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Brutish Automata

[A short narrative exercise with some names omitted for privacy's sake]

He slugged along, dragging his black fur slippers across the hard concrete, the wind gliding past him and enclosing itself in the slit of bare flesh at his ankles. He doesn’t mind it. He thinks of little, and he isn’t particularly hungry, though he is walking to be served breakfast. Familiar faces walk outside of the building—Sam, Lauren, Edmundo—and they heed him not as they stroll on their way. His muted plaid trousers and grey jacket, perhaps, contained not enough color to catch their eyes, and indeed his outfit matched quite well his demeanor. He looked at them askance, though they hadn’t noticed, with his sullen eyes that floated on dark blue buoys. He wasn’t slighted, and his mind lacked the necessary energies to take offense at their ignorance.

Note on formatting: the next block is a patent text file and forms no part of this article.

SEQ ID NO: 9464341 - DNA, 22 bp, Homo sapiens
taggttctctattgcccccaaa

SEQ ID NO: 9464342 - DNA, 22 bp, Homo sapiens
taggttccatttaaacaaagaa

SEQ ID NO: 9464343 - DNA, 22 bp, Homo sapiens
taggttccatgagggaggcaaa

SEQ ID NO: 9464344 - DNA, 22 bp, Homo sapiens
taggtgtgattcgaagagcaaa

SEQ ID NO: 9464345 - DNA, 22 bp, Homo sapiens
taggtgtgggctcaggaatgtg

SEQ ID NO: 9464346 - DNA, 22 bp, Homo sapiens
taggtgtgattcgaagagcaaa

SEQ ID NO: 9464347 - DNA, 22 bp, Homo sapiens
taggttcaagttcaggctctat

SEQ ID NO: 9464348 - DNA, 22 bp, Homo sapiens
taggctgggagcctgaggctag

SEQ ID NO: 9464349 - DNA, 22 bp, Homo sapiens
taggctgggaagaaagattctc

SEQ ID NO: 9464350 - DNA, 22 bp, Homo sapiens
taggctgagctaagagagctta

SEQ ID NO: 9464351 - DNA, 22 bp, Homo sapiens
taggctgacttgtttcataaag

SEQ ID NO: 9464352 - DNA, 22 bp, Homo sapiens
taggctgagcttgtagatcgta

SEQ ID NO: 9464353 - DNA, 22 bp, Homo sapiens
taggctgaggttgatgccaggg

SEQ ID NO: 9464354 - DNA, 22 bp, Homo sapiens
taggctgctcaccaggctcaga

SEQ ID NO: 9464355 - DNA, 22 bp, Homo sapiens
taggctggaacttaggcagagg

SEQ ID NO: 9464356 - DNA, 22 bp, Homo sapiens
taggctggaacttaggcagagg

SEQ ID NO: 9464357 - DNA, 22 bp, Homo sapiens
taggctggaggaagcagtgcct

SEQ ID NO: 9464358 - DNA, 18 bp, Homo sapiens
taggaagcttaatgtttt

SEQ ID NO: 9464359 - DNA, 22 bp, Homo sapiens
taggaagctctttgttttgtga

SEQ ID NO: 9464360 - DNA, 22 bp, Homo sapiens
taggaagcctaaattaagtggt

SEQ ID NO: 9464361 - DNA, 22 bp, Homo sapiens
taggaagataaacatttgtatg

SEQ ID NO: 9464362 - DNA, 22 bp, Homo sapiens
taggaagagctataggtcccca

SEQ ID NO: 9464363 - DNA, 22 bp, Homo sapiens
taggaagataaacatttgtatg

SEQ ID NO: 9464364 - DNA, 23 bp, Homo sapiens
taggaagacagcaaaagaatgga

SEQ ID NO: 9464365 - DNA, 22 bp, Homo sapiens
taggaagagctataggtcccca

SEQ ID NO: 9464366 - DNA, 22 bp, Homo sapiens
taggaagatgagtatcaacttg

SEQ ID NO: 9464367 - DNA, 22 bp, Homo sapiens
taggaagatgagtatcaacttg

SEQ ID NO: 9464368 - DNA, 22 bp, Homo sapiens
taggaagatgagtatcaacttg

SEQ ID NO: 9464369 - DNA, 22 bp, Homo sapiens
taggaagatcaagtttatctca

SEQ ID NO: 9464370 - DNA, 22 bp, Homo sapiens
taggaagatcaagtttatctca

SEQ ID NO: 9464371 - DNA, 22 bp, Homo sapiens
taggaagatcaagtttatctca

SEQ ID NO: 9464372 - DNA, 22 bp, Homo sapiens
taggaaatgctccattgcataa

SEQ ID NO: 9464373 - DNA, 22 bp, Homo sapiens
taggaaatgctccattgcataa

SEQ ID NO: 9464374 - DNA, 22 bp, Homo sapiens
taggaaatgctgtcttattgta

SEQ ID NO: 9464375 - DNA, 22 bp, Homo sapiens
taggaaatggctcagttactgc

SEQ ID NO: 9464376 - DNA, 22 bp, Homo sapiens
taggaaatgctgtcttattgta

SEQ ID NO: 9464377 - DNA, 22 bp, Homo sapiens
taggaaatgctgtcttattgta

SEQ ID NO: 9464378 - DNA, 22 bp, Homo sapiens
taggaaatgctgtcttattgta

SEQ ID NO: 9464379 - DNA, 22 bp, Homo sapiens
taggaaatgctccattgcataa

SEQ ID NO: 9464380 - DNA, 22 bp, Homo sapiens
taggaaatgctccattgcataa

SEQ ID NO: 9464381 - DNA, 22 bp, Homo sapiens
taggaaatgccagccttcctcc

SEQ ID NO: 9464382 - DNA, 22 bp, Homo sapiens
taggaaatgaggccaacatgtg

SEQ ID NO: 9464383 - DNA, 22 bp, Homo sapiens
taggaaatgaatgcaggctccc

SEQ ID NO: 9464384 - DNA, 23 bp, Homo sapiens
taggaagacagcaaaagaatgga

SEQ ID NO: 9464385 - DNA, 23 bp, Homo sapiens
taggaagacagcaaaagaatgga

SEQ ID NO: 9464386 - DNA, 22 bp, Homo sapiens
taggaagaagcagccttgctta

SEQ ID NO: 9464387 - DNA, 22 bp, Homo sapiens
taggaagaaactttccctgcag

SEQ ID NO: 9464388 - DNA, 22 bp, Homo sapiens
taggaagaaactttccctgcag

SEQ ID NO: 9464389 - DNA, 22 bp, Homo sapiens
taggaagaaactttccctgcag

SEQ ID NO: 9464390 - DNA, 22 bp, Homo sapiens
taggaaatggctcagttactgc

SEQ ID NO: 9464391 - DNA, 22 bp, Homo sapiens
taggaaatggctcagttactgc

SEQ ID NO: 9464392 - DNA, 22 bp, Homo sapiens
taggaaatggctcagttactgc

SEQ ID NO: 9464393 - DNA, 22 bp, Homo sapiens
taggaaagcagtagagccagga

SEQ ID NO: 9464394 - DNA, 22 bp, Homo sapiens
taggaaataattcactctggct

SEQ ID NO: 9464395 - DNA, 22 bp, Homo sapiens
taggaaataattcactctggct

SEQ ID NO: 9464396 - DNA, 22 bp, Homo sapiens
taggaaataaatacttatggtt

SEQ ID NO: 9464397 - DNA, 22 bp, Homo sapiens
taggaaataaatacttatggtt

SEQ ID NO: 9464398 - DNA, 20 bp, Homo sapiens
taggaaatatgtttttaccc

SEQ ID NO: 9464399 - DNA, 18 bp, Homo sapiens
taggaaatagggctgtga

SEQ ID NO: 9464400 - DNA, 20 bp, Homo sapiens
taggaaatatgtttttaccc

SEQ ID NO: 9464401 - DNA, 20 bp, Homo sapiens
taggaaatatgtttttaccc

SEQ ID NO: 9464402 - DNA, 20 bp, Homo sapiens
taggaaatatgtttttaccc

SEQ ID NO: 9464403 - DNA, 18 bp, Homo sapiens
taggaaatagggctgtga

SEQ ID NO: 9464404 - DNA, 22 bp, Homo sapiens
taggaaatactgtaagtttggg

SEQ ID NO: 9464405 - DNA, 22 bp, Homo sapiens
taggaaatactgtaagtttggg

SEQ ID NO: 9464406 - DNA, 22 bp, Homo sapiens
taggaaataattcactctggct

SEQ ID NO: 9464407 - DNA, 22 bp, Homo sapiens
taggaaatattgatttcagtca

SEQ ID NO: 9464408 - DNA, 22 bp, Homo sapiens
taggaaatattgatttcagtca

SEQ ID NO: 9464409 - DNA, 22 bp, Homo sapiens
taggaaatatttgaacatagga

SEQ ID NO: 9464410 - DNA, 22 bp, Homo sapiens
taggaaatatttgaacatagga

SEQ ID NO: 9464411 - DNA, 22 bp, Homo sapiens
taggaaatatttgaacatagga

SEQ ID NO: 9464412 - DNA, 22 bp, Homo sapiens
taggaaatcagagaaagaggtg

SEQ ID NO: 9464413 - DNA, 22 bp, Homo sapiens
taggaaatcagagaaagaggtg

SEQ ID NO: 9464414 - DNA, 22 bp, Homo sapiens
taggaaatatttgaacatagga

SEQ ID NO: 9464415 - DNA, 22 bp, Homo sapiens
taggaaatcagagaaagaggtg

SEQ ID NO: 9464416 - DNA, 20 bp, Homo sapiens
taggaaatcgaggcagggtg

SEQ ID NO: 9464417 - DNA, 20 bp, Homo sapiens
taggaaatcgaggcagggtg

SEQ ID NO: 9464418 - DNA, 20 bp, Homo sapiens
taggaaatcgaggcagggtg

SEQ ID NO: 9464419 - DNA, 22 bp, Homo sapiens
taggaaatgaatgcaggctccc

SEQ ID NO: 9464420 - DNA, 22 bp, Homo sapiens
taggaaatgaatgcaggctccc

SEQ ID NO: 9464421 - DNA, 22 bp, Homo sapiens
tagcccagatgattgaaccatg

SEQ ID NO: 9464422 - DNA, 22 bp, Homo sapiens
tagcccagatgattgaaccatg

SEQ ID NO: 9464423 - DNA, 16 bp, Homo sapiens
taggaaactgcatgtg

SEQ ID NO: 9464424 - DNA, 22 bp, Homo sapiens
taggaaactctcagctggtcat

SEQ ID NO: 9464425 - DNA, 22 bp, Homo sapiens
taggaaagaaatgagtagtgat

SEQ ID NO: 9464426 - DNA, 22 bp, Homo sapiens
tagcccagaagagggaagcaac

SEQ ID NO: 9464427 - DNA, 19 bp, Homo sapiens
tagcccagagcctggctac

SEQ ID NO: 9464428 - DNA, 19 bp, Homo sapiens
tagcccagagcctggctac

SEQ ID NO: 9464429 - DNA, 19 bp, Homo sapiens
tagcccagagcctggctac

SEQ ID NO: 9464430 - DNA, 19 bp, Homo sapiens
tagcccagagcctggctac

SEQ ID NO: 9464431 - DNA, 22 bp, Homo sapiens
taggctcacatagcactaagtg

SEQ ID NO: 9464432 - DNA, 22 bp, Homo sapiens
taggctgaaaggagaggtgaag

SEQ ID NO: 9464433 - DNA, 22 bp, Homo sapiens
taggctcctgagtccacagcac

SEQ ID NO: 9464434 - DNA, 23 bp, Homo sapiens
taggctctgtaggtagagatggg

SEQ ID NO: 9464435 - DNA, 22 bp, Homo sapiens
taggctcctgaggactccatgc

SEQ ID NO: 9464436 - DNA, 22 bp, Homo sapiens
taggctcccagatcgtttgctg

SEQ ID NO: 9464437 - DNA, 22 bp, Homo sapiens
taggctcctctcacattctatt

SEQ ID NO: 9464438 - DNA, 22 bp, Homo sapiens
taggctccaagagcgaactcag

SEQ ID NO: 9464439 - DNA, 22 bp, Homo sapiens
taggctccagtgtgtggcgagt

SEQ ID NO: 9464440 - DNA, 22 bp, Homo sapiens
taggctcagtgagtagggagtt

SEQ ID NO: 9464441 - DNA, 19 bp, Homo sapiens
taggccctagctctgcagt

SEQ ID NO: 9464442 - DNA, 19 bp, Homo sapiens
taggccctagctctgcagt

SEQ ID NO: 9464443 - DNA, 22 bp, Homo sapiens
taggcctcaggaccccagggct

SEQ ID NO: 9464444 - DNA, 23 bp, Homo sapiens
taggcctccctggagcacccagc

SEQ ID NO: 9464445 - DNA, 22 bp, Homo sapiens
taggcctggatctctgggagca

Entering the hall, now protected from the violent winds, he made his way with diffidence to the buffet. The smell of oiled bacon lifted his spirit somewhat, but he continued in his mission unthinkingly. “Hi, Ricky!” he heard a colorful voice say to him. Across the counter, he saw, in a familiar grey collared work shirt, S—. With a transcendent smile and a bright account did she look at him, and the thoughtless brute was struck with inaction. He answered just as an automaton would: “Hi. How are you?” She was quite obviously dismayed by this rote response, and her demeanor dimmed as if the boy had commanded her with a sliding switch. He recognized his blunder; this was the first stimulus to cognize the copper gears inside his head (I assure you—it was not he himself who had mustered a thought, but she who compelled him), and he repeated a phrase he had spoken to his flatmate. Panic has a tendency of grasping onto any tangible thought-item it can, and is little concerned with useless things like creativity. “I don’t have any classes on Fridays, but I have a paper due, so I’m still grinding.” It would have been a non-answer even if she had asked a question, which she had not. He looked in horror at this dull object before him, which mere moments ago was a creature resplendent in joy. He had used his mind to feign authenticity for the first time that morning, and it gifted him only despair. S—, who had been reduced to an object just the same as he was, started, “well, I wish you good luck with that...” Her voice trailed off at the end like a balloon drained of helium, and she did not define the final article. “What is the point?” she might have thought, though not in so many words. The boy was fleeing from his disaster, and shuffled away as he shoveled more slop onto his porcelain dish. He did not bother responding, though he mumbled a syllable which resembled the sound of “thank”.

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